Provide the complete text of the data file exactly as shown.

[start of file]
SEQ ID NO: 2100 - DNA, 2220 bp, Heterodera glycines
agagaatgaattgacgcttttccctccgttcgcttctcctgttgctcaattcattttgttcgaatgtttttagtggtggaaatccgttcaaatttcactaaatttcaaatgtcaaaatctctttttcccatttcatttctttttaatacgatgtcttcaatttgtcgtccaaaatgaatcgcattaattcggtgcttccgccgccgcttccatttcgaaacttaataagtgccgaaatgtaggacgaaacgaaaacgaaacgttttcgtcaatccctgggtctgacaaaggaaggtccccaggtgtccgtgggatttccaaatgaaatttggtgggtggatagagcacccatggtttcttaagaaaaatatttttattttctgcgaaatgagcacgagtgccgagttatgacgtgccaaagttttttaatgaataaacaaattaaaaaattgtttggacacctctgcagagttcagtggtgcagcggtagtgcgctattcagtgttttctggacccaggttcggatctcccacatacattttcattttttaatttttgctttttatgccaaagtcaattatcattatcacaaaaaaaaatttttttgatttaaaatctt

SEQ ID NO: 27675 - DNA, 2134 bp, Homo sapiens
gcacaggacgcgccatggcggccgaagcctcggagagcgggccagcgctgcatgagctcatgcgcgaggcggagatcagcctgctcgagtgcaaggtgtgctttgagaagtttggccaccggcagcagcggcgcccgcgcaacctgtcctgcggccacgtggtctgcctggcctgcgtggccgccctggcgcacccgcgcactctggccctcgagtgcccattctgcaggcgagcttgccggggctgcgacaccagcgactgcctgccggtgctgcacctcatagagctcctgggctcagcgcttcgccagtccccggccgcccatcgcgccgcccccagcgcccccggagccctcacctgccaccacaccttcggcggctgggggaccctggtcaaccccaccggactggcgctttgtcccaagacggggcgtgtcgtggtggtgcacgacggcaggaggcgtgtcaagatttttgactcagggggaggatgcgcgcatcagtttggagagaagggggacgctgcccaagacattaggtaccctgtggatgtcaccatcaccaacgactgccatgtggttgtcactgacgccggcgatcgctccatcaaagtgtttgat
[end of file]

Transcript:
SEQ ID NO: 2100 - DNA, 2220 bp, Heterodera glycines
agagaatgaattgacgcttttccctccgttcgcttctcctgttgctcaattcattttgttcgaatgtttttagtggtggaaatccgttcaaatttcactaaatttcaaatgtcaaaatctctttttcccatttcatttctttttaatacgatgtcttcaatttgtcgtccaaaatgaatcgcattaattcggtgcttccgccgccgcttccatttcgaaacttaataagtgccgaaatgtaggacgaaacgaaaacgaaacgttttcgtcaatccctgggtctgacaaaggaaggtccccaggtgtccgtgggatttccaaatgaaatttggtgggtggatagagcacccatggtttcttaagaaaaatatttttattttctgcgaaatgagcacgagtgccgagttatgacgtgccaaagttttttaatgaataaacaaattaaaaaattgtttggacacctctgcagagttcagtggtgcagcggtagtgcgctattcagtgttttctggacccaggttcggatctcccacatacattttcattttttaatttttgctttttatgccaaagtcaattatcattatcacaaaaaaaaatttttttgatttaaaatctt

SEQ ID NO: 27675 - DNA, 2134 bp, Homo sapiens
gcacaggacgcgccatggcggccgaagcctcggagagcgggccagcgctgcatgagctcatgcgcgaggcggagatcagcctgctcgagtgcaaggtgtgctttgagaagtttggccaccggcagcagcggcgcccgcgcaacctgtcctgcggccacgtggtctgcctggcctgcgtggccgccctggcgcacccgcgcactctggccctcgagtgcccattctgcaggcgagcttgccggggctgcgacaccagcgactgcctgccggtgctgcacctcatagagctcctgggctcagcgcttcgccagtccccggccgcccatcgcgccgcccccagcgcccccggagccctcacctgccaccacaccttcggcggctgggggaccctggtcaaccccaccggactggcgctttgtcccaagacggggcgtgtcgtggtggtgcacgacggcaggaggcgtgtcaagatttttgactcagggggaggatgcgcgcatcagtttggagagaagggggacgctgcccaagacattaggtaccctgtggatgtcaccatcaccaacgactgccatgtggttgtcactgacgccggcgatcgctccatcaaagtgtttgat